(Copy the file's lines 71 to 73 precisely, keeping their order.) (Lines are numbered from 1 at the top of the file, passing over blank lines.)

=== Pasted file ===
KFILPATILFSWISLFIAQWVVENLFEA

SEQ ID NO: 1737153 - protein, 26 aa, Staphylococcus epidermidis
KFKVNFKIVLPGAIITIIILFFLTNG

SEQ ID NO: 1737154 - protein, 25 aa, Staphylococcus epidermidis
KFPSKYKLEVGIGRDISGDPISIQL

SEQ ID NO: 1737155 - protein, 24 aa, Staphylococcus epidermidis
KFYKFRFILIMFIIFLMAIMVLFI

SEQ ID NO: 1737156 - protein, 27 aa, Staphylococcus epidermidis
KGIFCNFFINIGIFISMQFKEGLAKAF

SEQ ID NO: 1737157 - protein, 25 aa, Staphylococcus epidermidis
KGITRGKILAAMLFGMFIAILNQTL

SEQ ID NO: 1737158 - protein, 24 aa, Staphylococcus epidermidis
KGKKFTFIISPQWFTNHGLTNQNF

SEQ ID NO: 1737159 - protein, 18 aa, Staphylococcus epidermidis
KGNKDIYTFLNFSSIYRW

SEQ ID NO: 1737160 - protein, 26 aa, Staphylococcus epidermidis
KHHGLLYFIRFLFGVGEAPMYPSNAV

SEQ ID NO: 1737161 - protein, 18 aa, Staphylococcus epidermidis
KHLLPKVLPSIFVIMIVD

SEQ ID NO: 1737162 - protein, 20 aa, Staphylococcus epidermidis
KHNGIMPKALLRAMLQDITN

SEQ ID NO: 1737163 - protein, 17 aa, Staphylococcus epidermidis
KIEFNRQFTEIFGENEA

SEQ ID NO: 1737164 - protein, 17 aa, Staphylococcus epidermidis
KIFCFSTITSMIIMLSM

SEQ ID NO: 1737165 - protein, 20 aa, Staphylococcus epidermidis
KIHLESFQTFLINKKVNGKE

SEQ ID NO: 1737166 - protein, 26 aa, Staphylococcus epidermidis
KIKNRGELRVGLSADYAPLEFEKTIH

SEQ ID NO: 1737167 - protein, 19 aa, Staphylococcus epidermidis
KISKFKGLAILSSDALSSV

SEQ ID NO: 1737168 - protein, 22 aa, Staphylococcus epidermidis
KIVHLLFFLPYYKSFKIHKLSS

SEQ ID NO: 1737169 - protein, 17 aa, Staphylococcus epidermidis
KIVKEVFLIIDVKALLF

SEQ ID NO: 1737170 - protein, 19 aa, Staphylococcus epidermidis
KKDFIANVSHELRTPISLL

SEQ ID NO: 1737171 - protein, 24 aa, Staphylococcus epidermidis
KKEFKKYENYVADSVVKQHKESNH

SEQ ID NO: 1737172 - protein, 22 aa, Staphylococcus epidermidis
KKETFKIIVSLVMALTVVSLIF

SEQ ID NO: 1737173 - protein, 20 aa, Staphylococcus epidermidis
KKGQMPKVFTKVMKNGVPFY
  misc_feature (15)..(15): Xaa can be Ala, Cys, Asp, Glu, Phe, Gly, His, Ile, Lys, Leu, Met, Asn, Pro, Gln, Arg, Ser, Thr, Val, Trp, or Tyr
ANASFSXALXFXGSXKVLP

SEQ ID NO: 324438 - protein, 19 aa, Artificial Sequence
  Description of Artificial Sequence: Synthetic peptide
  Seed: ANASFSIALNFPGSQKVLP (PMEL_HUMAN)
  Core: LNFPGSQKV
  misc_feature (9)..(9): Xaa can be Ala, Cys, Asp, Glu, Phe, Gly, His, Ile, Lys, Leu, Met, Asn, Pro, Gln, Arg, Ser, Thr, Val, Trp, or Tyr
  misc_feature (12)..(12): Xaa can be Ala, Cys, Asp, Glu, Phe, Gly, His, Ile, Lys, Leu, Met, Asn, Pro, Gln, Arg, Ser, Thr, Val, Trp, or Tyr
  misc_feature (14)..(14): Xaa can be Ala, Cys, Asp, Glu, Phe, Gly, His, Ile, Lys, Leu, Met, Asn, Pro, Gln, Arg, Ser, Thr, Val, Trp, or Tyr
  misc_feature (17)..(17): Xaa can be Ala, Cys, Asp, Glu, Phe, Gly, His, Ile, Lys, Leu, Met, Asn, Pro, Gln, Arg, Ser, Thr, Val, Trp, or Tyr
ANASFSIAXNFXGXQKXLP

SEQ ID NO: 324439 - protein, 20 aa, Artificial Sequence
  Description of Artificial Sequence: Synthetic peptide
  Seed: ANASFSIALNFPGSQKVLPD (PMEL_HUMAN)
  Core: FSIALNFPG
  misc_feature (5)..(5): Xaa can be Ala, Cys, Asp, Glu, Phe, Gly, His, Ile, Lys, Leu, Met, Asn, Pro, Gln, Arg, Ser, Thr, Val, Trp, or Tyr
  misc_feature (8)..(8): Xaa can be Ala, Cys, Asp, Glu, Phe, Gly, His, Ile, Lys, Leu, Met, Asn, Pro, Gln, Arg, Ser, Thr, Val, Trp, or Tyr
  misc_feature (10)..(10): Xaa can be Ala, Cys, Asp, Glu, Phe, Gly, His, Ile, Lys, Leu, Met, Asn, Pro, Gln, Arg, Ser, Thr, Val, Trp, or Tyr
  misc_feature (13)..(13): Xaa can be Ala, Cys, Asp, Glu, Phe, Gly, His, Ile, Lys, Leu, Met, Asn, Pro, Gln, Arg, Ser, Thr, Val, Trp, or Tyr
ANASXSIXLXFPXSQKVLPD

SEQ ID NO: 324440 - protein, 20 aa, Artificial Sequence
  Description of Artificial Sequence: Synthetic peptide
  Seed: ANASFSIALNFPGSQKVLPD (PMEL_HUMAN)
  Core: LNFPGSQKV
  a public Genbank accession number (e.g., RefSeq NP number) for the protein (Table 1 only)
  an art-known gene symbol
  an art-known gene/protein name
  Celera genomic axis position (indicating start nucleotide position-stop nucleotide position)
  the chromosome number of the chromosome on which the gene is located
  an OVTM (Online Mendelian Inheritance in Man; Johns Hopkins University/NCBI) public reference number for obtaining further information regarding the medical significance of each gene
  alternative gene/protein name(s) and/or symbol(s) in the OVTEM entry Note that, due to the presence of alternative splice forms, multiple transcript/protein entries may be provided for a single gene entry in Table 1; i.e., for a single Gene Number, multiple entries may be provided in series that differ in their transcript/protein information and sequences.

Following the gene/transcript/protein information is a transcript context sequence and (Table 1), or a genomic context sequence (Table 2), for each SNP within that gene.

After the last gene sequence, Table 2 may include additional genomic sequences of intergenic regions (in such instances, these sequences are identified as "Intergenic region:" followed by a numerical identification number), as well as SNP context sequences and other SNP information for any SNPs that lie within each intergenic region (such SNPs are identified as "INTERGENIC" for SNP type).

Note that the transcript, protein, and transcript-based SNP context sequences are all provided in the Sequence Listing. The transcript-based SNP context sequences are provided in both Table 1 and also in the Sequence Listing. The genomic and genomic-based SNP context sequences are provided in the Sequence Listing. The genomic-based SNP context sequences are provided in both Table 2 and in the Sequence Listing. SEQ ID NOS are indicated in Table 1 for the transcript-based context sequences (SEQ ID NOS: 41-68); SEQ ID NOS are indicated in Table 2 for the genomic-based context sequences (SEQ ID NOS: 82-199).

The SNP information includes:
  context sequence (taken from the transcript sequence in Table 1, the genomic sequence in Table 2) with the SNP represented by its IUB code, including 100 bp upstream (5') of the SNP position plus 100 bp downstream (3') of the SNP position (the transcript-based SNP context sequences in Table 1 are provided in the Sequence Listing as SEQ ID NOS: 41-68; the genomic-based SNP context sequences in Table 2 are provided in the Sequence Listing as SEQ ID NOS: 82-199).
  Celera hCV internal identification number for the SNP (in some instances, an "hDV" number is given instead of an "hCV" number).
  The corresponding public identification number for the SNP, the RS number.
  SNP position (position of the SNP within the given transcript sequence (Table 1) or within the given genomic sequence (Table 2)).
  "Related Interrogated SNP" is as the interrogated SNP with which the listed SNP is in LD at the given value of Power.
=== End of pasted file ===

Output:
  Celera genomic axis position (indicating start nucleotide position-stop nucleotide position)
  the chromosome number of the chromosome on which the gene is located
  an OVTM (Online Mendelian Inheritance in Man; Johns Hopkins University/NCBI) public reference number for obtaining further information regarding the medical significance of each gene